A couple of days ago, Sportsnet columnist Elliotte Friedman appeared on Tim and Sid and said he believed there was a specific winger the Toronto Maple Leafs were targeting as we move deeper into the season, and he wrote the winger’s name down on a piece of paper. Naturally, fans on Twitter have been scrambling to figure out who that player is.
If you told me before the season that the Maple Leafs would be in the market for a top-six winger, I would have laughed. All the offensive depth in the world and they need a winger? Come on.
However, the Maple Leafs aren’t getting what they hoped for from Jimmy Vesey, who started the season on the second line alongside John Tavares and William Nylander, and he has only three points in 15 games. They tried Ilya Mikheyev in that role to no avail. He has had his own struggles and was horribly snakebitten up until Wednesday’s game against the Montreal Canadiens.
After the injury to Wayne Simmonds and the limited sample size from Nick Robertson, it makes sense that the organization is looking for somebody to fill that second-line left-wing role.
Who Could It Be?
Who is this myster winger? Managment could be interested in a proven goal-scorer like Rickard Rakell (Anaheim Ducks) or Kyle Palmieri (New Jersey Devils) but the price tag and salary cap might make them too difficult to add. They could go for an option in the North Division like Jake Virtanen (Vancouver Canucks) to avoid the mandatory quarantine, but I imagine the Maple Leafs are looking for a safer option than a reclamation project.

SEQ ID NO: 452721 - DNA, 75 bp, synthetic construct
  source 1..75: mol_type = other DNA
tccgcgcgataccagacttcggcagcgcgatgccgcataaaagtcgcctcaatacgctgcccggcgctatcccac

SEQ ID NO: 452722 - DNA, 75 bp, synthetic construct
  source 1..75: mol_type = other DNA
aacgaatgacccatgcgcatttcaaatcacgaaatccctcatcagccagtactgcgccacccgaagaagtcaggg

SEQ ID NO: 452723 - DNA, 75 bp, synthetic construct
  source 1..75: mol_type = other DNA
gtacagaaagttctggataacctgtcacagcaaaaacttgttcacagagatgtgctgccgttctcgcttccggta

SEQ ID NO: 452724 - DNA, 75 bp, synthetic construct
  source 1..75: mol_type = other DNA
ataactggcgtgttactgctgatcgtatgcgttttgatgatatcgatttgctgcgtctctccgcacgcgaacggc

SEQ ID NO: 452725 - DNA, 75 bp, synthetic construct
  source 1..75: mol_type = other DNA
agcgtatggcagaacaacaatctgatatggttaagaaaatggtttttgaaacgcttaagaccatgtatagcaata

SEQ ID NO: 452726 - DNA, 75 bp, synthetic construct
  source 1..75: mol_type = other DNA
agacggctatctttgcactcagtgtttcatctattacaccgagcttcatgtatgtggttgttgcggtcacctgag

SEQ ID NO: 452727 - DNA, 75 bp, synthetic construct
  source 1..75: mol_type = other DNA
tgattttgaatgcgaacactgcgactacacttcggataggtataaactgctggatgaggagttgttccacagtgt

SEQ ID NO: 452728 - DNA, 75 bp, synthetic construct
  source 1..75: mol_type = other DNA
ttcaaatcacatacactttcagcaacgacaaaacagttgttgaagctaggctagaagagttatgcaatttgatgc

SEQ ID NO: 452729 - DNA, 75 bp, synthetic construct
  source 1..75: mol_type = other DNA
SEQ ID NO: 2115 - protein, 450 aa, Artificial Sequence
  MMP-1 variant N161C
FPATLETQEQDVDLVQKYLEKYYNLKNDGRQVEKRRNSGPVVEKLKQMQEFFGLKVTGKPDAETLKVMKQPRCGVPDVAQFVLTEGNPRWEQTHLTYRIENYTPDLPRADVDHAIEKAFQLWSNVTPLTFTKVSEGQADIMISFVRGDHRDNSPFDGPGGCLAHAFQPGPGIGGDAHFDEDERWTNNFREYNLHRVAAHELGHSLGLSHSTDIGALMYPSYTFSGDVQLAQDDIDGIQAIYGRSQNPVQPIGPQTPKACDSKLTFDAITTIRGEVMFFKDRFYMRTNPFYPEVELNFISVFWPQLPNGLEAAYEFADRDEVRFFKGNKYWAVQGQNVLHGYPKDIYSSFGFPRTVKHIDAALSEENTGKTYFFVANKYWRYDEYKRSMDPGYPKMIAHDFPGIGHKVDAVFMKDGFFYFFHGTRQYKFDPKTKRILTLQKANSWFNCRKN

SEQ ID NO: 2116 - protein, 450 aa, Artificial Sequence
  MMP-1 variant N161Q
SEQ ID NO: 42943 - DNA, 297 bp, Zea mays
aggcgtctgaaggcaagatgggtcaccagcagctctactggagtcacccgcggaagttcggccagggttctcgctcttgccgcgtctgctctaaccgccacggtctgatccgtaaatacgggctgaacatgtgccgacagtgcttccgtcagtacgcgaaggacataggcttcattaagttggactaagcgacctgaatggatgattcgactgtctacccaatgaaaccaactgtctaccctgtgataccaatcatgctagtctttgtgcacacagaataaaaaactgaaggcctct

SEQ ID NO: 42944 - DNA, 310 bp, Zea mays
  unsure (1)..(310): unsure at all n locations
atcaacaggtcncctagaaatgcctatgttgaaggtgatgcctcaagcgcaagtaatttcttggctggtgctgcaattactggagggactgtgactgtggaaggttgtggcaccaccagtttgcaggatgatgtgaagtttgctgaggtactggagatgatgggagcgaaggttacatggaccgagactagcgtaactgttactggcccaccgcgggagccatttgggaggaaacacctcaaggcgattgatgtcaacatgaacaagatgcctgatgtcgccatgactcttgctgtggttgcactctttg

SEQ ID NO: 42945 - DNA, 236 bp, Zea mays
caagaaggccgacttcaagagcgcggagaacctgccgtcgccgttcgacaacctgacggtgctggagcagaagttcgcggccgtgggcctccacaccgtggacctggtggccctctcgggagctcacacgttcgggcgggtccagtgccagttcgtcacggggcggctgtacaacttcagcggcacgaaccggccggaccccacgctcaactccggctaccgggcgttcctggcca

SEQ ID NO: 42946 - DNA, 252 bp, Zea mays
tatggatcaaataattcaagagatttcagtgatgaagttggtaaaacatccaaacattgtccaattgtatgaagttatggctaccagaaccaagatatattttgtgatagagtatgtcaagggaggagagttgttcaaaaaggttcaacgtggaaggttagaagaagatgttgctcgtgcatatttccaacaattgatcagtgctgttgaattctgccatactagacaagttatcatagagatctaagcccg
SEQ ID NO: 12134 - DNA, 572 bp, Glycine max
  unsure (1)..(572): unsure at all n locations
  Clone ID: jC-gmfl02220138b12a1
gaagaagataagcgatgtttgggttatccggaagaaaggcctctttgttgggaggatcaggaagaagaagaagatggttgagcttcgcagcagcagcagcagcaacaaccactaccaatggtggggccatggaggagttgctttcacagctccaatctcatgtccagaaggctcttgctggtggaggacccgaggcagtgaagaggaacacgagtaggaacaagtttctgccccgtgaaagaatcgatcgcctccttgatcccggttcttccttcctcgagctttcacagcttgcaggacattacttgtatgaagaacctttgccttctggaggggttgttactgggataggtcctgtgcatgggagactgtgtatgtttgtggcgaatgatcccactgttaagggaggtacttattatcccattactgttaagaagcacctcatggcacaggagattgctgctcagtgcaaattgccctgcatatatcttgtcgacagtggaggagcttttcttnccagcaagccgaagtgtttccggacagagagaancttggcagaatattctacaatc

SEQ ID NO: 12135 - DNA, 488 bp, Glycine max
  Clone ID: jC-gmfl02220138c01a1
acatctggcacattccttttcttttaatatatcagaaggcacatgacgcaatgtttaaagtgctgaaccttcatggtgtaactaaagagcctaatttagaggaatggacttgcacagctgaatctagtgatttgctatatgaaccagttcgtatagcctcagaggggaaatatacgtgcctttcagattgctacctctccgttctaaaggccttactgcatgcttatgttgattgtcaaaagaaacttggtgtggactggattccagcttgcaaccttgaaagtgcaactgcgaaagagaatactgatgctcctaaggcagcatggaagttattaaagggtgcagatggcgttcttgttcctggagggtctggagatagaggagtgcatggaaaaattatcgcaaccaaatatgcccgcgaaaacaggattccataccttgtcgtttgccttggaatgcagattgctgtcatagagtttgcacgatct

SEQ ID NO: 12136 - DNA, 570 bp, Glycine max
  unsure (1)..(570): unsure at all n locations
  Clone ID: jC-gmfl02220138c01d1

With this in mind, there’s only one player who fits the bill perfectly: the Los Angeles Kings’ Alex Iafallo.
Iafallo is a 27-year-old left-winger in his fourth NHL season. The 6-foot, New York-native spent four years with the University of Minnesota-Duluth before signing a two-year entry-level contract with the Kings following the 2016-17 season. Last season, he had a career year with 17 goals and 43 points in 71 games.
Iafallo is a relatively cheap option. Salary-wise, anyways. He’s set to become an unrestricted free agent (UFA) at the end of the season and only carries a cap hit of $2.4 million. This should be the first sign for the Maple Leafs’ brass. We all know that the team doesn’t have an abundance of cap space, but they have the means to move some money around and make room for a contract worth just over $2 million.
Plus, the fact that he’s a UFA should make life a bit easier for GM Kyle Dubas. Not only would this likely make the price tag on Iafallo more affordable, but with left-wingers like Nick Robertson looking to step into a bigger role next season, there likely wouldn’t be too much pressure to re-sign him.
Iafallo off to a Career-Best Start
Iafallo is also off to a great start this season. He has nine points in 13 games so far, tied for fourth on the team, and he’s been a mainstay on the top line alongside captain Anze Kopitar. The beauty of a player like Iafallo is that he can be used anywhere in the lineup. If the Maple Leafs acquire him, he would likely start off on Tavares and Nylander’s left side.
And, looking further ahead, if the Maple Leafs get to a point where, say, Robertson emerges and becomes that top-six option for them, you could get away with using Iafallo on the third line.